I had a great trip the the Maine state quilt show on Saturday. It's almost an hour to Augusta and I got to listen to NPR all the way. Delightful. Some interesting stories on Weekend Edition about fight clubs (inconceivable) and a new documentary being made about Timothy Treadwell (also inconceivable though for completely different reasons). And then just a few minutes of Click and Clack. (What would you do if you found $3200 dollars in small bills under the carpet of the used car you just bought?)
I zipped through the show for my first run in just about an hour seeing all the quilts and vendors. Then I went back and considered the quilts much more carefully. Over all: uninspiring. I hate to say that, because in truth, I believe every quilt that someone makes and loves is super fantastic! And that they put it out there to be seen and shared: even more super fantastic. But, on the whole I saw very little that I thought showed a real spark of creativity. It's not so much that I even mind predictable patterns or traditional colors, it just all seemed to lack oomph. Ok, not all. Some were great. None knocked my socks off.
Our quilt show has a unique judging system in that there are three judges, they each judge every quilt on a 100 point scale, the three scores are averaged and if the quilt falls into a certain range, it's awarded a ribbon for that number value. Yes, every quilt in the catagory could win first place. Or no ribbons at all. This system has pros and cons which I will not bore you with.
I was glad to see more first place ribbons this year. Good work, Maine Quilters! Or maybe I should, thanks for taking your heads out of your butts, Judges.
I am thrilled to say that Sarah Smith of the Frayed Edges won an Exceptional Merit ribbon for her Bijagos Warrior. Exceptional Merit is for quilts with an average score above 97! There were only three in the whole show. Way to go Sarah!
The Best of Show was by Nancy Prince. Here's a picture from her website. She was teaching at the show this weekend. Frankly, her work appears to be technically flawless and her design sense is charming is a Thomas Kinkade sort of way, but I'm not a huge fan. (ohh I hesitate to even write that... I hate the idea of making anyone feel badly... it's not that there is anything wrong with it. It's just not my thing. )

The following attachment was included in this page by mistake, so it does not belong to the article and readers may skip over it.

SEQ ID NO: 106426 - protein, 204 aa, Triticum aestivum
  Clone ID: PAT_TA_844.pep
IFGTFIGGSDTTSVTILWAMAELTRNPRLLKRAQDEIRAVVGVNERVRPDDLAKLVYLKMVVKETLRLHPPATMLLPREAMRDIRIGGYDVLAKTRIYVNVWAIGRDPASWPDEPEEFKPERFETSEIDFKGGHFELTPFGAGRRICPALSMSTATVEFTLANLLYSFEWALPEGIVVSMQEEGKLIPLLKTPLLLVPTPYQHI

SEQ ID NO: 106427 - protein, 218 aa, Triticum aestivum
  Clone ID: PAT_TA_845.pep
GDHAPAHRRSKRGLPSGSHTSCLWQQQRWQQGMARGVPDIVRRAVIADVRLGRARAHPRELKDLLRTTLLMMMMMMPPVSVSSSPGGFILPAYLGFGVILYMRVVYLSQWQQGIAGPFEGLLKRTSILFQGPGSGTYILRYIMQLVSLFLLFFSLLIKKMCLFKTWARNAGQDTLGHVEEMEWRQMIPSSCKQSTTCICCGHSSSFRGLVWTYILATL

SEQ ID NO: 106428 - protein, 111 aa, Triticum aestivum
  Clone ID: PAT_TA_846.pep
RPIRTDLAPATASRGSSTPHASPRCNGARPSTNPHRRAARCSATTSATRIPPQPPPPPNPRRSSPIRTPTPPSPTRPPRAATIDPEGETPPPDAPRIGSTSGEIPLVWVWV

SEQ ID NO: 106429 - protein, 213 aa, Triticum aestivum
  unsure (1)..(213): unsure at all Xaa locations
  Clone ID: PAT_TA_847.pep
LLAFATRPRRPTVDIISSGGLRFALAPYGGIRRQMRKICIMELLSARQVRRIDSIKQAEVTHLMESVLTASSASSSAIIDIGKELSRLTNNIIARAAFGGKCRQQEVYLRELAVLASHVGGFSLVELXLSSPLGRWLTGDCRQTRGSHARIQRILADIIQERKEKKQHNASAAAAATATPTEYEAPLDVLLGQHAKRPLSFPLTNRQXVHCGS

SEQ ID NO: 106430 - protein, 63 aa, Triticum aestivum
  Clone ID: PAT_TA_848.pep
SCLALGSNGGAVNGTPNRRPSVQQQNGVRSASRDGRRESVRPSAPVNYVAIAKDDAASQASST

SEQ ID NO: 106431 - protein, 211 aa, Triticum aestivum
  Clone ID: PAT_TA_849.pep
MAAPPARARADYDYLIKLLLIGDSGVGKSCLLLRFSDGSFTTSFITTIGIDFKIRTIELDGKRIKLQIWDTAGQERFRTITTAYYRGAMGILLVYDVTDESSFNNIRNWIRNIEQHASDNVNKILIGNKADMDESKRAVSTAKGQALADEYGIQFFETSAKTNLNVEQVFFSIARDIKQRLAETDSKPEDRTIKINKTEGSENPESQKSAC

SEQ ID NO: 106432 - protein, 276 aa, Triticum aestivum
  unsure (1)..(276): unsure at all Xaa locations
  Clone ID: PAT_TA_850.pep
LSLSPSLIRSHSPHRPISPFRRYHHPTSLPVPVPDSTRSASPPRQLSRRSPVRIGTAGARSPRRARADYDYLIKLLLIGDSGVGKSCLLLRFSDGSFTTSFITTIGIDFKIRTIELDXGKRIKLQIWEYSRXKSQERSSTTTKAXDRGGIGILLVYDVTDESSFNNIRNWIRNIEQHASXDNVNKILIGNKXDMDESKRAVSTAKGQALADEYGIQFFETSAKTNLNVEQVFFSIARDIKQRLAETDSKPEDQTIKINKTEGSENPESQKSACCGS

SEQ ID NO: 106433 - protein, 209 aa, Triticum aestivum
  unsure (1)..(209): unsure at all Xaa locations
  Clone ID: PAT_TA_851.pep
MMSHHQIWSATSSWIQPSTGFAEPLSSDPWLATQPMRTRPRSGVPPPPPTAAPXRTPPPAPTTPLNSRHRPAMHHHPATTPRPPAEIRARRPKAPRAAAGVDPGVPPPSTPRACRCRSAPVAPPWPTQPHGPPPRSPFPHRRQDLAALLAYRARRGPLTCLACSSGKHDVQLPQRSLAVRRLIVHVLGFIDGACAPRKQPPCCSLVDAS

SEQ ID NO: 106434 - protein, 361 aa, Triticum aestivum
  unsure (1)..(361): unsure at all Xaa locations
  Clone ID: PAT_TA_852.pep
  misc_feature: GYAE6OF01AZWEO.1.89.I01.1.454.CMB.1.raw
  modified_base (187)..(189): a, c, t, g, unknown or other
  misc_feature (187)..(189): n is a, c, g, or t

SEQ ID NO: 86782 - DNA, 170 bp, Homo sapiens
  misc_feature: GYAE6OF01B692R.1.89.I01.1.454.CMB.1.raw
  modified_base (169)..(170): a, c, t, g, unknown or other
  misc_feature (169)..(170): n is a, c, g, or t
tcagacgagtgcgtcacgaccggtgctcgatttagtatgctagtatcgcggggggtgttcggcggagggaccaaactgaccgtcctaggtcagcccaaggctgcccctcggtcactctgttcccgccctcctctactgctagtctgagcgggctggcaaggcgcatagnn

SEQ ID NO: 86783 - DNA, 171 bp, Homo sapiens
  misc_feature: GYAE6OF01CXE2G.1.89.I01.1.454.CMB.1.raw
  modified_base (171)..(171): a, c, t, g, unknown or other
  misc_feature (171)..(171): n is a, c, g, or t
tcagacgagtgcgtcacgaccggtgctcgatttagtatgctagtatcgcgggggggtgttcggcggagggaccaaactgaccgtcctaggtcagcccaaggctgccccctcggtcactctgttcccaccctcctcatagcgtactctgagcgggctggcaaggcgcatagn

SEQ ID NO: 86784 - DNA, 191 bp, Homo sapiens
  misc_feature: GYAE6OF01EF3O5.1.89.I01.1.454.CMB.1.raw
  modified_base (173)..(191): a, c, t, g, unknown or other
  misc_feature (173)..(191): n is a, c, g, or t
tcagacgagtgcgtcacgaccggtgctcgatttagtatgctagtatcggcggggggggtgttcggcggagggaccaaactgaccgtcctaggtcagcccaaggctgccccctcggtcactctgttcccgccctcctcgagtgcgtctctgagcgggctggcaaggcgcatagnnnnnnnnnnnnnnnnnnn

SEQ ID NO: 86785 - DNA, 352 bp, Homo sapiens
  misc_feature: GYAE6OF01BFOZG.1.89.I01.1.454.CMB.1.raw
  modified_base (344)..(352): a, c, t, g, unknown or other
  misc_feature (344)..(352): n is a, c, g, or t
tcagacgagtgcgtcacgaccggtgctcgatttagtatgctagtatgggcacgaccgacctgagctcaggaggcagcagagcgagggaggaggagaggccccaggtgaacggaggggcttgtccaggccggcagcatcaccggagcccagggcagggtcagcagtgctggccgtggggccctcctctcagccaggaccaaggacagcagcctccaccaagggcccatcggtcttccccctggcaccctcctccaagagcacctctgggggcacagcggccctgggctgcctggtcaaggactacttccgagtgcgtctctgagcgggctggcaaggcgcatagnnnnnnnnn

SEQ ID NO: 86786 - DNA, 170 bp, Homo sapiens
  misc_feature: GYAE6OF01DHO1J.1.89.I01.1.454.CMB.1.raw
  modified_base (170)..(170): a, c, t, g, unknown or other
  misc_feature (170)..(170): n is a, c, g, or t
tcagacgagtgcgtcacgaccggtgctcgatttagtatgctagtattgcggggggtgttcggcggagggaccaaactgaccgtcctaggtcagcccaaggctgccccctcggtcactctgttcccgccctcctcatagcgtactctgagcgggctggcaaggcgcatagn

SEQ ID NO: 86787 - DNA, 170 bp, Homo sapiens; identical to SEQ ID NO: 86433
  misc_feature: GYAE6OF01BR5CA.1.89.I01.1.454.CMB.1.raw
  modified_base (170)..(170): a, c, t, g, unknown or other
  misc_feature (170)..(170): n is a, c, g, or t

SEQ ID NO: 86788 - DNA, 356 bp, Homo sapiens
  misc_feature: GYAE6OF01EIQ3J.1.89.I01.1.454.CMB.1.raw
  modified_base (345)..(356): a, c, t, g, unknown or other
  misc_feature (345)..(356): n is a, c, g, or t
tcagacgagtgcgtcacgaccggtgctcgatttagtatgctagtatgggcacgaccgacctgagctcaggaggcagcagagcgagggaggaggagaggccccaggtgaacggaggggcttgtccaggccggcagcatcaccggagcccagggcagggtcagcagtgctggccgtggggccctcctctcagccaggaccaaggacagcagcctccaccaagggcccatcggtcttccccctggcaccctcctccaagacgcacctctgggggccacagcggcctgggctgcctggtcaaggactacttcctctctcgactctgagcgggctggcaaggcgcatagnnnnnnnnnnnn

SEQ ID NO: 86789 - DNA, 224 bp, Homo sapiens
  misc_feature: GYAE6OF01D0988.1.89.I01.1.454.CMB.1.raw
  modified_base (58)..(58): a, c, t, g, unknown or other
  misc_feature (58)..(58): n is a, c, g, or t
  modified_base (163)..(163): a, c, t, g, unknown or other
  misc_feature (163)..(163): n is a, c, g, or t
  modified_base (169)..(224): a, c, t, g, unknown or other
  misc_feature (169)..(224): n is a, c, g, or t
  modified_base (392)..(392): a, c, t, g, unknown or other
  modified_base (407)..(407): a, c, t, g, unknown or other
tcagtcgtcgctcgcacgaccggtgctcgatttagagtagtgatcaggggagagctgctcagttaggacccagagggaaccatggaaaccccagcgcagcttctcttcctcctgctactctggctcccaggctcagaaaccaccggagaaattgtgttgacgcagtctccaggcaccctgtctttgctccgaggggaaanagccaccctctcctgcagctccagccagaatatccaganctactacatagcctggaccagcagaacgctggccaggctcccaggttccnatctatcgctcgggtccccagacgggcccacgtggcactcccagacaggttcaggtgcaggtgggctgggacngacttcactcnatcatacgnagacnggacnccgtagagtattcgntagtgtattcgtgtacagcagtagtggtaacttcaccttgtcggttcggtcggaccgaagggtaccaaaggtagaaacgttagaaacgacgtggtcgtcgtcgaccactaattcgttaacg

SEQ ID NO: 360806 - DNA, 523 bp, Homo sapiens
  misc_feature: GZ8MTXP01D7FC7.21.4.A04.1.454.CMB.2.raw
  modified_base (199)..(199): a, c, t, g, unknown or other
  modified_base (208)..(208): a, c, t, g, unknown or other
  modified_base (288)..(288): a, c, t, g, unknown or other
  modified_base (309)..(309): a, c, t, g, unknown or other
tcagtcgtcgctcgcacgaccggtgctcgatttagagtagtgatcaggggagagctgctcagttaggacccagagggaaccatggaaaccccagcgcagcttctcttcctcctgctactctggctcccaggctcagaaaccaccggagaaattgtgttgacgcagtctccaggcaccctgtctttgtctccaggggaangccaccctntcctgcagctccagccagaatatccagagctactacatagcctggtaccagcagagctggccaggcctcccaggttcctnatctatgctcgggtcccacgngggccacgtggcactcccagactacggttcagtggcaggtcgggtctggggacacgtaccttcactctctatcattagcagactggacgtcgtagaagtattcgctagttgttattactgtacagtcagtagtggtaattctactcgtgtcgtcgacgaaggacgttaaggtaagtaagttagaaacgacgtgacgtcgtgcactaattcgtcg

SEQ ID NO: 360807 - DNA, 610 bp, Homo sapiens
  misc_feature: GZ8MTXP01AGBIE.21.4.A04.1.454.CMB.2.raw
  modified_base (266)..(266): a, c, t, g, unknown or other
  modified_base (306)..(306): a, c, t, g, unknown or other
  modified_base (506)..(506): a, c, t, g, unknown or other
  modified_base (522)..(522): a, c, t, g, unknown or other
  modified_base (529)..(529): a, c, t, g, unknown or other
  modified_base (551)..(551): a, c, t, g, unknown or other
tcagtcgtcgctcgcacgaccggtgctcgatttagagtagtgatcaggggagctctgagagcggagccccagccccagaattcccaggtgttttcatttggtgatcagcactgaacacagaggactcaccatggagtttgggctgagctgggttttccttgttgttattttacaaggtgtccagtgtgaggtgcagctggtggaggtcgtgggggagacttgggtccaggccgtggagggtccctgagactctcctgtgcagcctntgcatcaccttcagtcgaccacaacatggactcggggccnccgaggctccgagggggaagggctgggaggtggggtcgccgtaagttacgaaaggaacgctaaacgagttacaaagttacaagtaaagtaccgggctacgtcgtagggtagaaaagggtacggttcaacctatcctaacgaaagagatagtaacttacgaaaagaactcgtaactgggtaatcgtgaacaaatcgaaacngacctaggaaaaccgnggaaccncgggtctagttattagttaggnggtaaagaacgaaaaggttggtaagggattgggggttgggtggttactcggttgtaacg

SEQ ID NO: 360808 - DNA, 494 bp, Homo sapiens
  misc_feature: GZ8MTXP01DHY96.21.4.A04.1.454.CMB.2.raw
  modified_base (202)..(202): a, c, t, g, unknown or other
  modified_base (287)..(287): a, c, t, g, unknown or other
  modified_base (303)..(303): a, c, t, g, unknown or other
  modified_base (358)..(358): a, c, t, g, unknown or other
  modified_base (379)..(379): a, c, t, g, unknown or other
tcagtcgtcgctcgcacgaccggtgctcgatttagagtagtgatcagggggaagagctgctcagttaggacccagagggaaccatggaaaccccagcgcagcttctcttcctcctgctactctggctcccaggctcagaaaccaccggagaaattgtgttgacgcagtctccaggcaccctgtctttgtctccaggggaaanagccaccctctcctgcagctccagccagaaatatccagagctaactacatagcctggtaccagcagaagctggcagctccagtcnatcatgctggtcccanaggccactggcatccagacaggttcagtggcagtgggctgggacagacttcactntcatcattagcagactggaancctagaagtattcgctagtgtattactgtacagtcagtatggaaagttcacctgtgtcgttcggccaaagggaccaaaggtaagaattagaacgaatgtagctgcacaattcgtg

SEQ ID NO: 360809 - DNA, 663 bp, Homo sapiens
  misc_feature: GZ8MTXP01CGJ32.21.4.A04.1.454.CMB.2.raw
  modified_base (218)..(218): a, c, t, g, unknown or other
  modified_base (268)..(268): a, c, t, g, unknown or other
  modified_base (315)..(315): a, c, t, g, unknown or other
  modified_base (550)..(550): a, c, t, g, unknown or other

Pat LaPierre McAfee won the third Exceptional Merit ribbon. It's called Alphabetically Speaking.
She also made this quilt which won Best of Show last year and has made some rounds on the circuit. Boy, she's got that free motion thing down. I also loved chatting with her at her booth where she sells the "easy slider" a sheet of teflon to put on top of your machine that helps the fabric move easy under the needle.
Speaking of chatting with vendors... it is such a delight to be greeted enthusiastically when I come into a booth! In my quick first round, a few things caught my eye. But I ended up buying stuff from only two vendors. They were both so engaging, supportive, helpful, interested and fun. I was thrilled to spit out my cash. In fact, I probably spent more than I would have if we hadn't "built a relationship." I'll write more about those purchases and post a picture tomorrow.
There was also a special exhibit of loon quilts. Fun -- all kinds of quilts, some original, some from patterns, small, big...
I was pleased to show "Day at the Lake." My mom did the applique and construction and I did the quilting. She lives on Lake Ontario and it was a delightful project to do together.
Then there was the Art Quilts Maine Self Portrait Challenge. Eleven of our members showed quilts. Here's mine. You can look through my March archives for the progress of this. I'm pleased with it. It was fun to make. I learned a lot about what I like to do and what is tiresome.
Here's Kathy's portrait. (She's in my small group, Frayed Edges.) The coat opens up to reveal tons of creative energy and spirit! And the face is a beautiful likeness.
Here is another self portrait from our group. This is Julie Weaver. I think the technique and execution is fantastic. She told us how she did it at our last guild meeting. I'm not sure I remember.
Remember I said not much else struck my fancy? Here are three that did.
Day Lilies by Johann Chellis (also a member of Art Quilts Maine)
Something wonderful and traditional in the Green and the Purple.
Also wonderful and traditional.